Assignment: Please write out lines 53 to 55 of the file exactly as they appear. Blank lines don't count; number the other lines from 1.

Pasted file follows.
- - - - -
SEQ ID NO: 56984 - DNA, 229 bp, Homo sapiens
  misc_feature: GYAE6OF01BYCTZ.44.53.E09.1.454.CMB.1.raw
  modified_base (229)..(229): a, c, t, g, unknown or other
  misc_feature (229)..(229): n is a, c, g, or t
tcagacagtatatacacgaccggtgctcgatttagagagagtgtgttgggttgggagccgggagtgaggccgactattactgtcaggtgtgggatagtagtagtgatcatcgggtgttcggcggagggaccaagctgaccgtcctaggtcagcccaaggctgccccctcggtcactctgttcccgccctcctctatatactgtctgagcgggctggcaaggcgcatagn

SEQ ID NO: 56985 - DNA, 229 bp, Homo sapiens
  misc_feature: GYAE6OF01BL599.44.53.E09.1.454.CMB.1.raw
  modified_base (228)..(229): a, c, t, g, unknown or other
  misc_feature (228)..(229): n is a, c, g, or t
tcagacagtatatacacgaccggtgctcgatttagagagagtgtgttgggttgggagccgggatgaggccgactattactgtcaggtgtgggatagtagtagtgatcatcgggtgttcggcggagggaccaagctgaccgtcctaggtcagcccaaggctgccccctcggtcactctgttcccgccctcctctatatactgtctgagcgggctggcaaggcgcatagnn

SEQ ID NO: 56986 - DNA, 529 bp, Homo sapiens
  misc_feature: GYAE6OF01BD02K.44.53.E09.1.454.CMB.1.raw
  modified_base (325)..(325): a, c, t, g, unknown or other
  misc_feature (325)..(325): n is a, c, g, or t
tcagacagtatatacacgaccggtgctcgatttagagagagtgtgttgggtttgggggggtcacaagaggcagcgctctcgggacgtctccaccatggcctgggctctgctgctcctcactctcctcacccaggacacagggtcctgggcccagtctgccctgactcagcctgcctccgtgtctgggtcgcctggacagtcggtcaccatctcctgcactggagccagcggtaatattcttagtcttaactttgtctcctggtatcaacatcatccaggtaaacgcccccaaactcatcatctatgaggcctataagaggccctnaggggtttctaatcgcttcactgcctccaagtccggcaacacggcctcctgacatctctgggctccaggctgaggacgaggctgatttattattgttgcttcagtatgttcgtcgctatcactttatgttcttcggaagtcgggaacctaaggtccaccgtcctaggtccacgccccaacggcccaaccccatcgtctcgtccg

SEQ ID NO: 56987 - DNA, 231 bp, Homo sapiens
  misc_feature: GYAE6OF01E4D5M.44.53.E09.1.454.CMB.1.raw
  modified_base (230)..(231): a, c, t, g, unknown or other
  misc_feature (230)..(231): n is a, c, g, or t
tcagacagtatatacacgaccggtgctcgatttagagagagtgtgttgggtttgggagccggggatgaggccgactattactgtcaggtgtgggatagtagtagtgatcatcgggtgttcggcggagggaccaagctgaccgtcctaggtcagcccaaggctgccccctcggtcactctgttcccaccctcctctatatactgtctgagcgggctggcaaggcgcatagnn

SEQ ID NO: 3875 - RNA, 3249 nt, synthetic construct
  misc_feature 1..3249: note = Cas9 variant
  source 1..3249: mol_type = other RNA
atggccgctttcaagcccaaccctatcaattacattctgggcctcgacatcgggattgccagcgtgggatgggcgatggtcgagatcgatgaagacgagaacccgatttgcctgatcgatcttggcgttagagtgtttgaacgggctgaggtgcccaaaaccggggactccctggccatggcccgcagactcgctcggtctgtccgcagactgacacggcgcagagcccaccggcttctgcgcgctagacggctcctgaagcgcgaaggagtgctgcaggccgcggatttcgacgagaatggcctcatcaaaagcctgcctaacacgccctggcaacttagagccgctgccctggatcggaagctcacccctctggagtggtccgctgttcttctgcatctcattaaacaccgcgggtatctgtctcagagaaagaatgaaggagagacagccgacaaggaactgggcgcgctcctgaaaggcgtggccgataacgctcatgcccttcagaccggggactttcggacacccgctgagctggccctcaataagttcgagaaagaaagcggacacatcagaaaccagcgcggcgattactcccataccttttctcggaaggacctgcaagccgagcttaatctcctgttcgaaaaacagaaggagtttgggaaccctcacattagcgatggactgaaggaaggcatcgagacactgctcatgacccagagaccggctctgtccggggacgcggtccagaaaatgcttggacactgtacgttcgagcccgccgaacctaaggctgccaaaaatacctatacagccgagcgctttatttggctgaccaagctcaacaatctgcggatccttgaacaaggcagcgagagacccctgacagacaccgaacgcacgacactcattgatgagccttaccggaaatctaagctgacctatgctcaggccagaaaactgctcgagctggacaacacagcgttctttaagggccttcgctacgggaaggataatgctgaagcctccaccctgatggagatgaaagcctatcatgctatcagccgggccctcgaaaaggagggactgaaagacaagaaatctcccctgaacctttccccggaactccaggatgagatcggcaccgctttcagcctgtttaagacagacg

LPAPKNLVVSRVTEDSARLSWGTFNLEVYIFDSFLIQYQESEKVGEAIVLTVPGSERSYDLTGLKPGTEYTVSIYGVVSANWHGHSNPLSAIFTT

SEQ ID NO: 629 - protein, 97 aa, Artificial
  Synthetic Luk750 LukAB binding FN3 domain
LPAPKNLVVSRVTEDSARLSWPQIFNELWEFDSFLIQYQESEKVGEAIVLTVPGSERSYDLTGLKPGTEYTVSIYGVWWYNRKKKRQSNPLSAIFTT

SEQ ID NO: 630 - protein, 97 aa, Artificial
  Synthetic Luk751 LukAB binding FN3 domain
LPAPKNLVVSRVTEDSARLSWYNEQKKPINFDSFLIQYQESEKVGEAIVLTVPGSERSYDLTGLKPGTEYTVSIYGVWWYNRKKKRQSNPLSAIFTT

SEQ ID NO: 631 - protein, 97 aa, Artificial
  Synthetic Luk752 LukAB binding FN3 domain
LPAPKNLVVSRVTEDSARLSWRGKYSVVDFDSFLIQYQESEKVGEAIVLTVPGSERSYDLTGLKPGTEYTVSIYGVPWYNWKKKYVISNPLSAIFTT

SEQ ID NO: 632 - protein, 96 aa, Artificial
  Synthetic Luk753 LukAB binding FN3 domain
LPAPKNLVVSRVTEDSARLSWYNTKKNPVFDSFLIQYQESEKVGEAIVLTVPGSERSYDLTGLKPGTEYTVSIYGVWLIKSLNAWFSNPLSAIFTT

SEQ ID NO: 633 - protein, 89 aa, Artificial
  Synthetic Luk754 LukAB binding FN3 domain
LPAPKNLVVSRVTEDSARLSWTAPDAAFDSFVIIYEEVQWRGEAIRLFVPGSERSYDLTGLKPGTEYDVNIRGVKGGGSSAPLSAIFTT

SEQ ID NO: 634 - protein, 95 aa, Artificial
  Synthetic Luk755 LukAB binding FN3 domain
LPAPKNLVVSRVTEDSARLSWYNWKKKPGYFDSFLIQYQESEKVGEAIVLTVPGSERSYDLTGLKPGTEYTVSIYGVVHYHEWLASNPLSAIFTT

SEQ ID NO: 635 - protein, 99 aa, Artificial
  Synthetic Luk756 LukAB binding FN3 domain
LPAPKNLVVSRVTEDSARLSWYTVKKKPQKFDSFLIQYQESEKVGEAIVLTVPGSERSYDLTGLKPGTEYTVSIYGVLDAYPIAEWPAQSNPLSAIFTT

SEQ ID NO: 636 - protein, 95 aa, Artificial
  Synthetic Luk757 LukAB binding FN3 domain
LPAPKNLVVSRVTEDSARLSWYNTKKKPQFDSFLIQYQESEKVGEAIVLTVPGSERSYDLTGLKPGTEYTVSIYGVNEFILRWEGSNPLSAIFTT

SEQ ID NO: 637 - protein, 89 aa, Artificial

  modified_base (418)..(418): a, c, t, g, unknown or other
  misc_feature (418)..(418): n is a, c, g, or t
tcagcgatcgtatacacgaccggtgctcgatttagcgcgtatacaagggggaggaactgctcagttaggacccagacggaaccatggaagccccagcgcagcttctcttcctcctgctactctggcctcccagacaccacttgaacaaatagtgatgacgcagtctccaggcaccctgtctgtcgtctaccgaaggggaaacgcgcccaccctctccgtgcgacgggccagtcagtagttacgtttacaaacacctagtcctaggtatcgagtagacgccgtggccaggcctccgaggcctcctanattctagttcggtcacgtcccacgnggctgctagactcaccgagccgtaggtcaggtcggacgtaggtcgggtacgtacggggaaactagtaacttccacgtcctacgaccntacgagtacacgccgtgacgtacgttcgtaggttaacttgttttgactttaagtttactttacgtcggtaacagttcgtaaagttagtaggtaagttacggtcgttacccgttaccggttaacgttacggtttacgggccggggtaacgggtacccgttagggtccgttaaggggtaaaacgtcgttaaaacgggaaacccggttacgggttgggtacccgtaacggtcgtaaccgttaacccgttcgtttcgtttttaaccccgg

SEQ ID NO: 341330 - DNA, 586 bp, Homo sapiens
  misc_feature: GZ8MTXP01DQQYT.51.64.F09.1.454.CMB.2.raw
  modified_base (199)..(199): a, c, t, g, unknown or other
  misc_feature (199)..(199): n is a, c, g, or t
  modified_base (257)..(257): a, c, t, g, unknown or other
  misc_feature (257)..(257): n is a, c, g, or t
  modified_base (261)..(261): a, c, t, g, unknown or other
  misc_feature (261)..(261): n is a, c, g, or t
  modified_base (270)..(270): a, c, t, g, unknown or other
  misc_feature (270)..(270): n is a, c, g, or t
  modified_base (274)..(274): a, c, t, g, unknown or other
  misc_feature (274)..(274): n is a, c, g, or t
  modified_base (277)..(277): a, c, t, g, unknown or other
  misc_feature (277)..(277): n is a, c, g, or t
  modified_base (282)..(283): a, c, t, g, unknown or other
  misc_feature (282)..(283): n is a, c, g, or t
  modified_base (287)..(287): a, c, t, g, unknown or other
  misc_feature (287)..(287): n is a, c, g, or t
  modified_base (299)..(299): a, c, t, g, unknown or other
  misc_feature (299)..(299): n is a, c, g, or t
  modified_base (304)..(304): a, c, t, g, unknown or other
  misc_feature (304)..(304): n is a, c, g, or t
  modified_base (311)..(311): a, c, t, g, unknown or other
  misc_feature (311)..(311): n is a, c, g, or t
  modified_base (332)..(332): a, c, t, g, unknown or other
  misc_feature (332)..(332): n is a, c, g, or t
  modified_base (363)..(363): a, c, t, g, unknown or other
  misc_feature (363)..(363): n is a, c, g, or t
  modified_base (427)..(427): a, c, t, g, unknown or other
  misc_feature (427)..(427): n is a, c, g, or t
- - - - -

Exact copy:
tcagcgatcgtatacacgaccggtgctcgatttagcgcgtatacaagggggaggaactgctcagttaggacccagacggaaccatggaagccccagcgcagcttctcttcctcctgctactctggcctcccagacaccacttgaacaaatagtgatgacgcagtctccaggcaccctgtctgtcgtctaccgaaggggaaacgcgcccaccctctccgtgcgacgggccagtcagtagttacgtttacaaacacctagtcctaggtatcgagtagacgccgtggccaggcctccgaggcctcctanattctagttcggtcacgtcccacgnggctgctagactcaccgagccgtaggtcaggtcggacgtaggtcgggtacgtacggggaaactagtaacttccacgtcctacgaccntacgagtacacgccgtgacgtacgttcgtaggttaacttgttttgactttaagtttactttacgtcggtaacagttcgtaaagttagtaggtaagttacggtcgttacccgttaccggttaacgttacggtttacgggccggggtaacgggtacccgttagggtccgttaaggggtaaaacgtcgttaaaacgggaaacccggttacgggttgggtacccgtaacggtcgtaaccgttaacccgttcgtttcgtttttaaccccgg

SEQ ID NO: 341330 - DNA, 586 bp, Homo sapiens
  misc_feature: GZ8MTXP01DQQYT.51.64.F09.1.454.CMB.2.raw